Michael Moss' Salt Sugar Fat has been my traveling companion this week as I bounce from cafe to living room and back again.
While the take away is supposed to be the dire state of the American food industry a related, but errant, thought keeps creeping in as I read.
Pretty much anyone who reads this lives in a fully manufactured environment. As I write this, for instance, 1980s hits are pumped out of an artfully concealed speaker at this Burbank cafe. The phone I'm writing this on is one of the pinnacles of humanity's technological and design prowess, and the decisions that led to both the phone and the positioning of the speaker are fairly opaque to most of us. Yet those decisions influence the shape of out lives in ways both crude and subtle.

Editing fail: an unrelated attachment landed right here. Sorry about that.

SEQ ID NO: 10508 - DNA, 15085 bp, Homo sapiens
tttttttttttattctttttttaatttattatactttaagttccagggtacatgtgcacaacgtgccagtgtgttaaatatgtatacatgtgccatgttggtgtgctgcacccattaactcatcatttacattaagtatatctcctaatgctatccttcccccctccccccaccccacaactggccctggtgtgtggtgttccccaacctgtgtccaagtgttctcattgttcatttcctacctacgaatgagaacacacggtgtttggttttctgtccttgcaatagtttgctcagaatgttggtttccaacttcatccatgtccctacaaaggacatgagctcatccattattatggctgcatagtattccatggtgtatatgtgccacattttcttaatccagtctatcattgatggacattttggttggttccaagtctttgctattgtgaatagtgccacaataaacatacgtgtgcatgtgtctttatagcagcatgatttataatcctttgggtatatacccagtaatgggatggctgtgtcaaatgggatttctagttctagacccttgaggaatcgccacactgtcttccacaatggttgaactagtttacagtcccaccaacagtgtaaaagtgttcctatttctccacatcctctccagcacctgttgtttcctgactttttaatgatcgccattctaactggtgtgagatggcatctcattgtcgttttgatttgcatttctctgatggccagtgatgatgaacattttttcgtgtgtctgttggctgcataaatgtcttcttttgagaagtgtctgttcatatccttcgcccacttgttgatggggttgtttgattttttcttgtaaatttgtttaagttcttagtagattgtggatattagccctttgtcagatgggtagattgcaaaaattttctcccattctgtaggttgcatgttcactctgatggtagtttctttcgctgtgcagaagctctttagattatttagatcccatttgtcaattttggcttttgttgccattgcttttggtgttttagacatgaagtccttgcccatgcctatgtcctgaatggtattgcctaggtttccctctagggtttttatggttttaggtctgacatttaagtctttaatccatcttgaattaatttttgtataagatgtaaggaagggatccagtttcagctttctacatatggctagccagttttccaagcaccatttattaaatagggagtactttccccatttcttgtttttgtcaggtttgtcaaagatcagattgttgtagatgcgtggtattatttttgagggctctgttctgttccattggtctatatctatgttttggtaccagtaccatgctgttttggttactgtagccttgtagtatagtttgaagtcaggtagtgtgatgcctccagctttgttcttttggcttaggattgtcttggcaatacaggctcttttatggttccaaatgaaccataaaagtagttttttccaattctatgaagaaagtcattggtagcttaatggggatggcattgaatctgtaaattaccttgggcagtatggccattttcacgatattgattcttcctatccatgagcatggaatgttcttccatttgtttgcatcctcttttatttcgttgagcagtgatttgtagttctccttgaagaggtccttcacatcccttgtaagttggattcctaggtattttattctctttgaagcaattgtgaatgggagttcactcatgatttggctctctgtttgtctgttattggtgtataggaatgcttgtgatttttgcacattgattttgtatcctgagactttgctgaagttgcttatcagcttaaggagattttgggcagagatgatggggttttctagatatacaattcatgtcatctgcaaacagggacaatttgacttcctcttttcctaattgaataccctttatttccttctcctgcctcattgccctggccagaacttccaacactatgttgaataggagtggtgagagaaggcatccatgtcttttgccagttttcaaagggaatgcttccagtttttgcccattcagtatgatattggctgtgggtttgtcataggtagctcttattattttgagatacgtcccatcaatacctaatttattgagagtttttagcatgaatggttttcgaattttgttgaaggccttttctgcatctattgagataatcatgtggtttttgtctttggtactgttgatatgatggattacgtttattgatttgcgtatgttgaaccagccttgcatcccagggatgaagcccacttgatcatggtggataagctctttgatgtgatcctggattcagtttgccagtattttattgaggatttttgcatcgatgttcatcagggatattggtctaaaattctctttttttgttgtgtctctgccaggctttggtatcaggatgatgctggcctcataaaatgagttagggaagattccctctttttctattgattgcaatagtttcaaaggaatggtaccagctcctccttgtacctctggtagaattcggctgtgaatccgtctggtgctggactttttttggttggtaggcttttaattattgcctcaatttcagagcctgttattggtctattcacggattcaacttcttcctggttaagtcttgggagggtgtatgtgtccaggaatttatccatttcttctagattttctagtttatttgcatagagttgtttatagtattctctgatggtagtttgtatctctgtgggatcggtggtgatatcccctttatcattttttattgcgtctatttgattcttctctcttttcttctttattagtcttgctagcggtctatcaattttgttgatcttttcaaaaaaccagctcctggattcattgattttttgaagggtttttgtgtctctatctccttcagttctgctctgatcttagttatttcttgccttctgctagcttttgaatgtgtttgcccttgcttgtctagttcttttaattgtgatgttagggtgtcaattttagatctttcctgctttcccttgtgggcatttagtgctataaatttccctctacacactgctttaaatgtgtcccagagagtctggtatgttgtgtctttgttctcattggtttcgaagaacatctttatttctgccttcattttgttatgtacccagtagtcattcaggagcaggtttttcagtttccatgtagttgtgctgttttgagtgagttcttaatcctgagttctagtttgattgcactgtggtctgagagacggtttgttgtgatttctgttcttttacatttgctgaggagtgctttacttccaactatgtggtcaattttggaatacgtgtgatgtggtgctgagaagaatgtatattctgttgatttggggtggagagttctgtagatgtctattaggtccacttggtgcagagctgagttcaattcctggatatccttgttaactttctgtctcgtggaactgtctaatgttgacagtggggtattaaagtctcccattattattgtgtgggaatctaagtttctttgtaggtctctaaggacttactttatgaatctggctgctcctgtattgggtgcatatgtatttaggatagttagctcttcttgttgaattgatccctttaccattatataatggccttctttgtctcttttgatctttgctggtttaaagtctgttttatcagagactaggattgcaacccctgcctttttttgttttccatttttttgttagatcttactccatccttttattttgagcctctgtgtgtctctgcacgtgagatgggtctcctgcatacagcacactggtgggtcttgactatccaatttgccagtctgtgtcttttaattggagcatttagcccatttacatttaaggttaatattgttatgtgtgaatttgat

I know that's not shocking, but we read so much of the world around us as "natural" or "traditional" when in fact someone made a choice at a point along the timeline. Odds are that choice was rife with compromises to earlier entrenched power systems. People fighting for "tradition" for "the way things have always worked."
That's bullshit. What was made can be made better, right up until the laws of physics push back.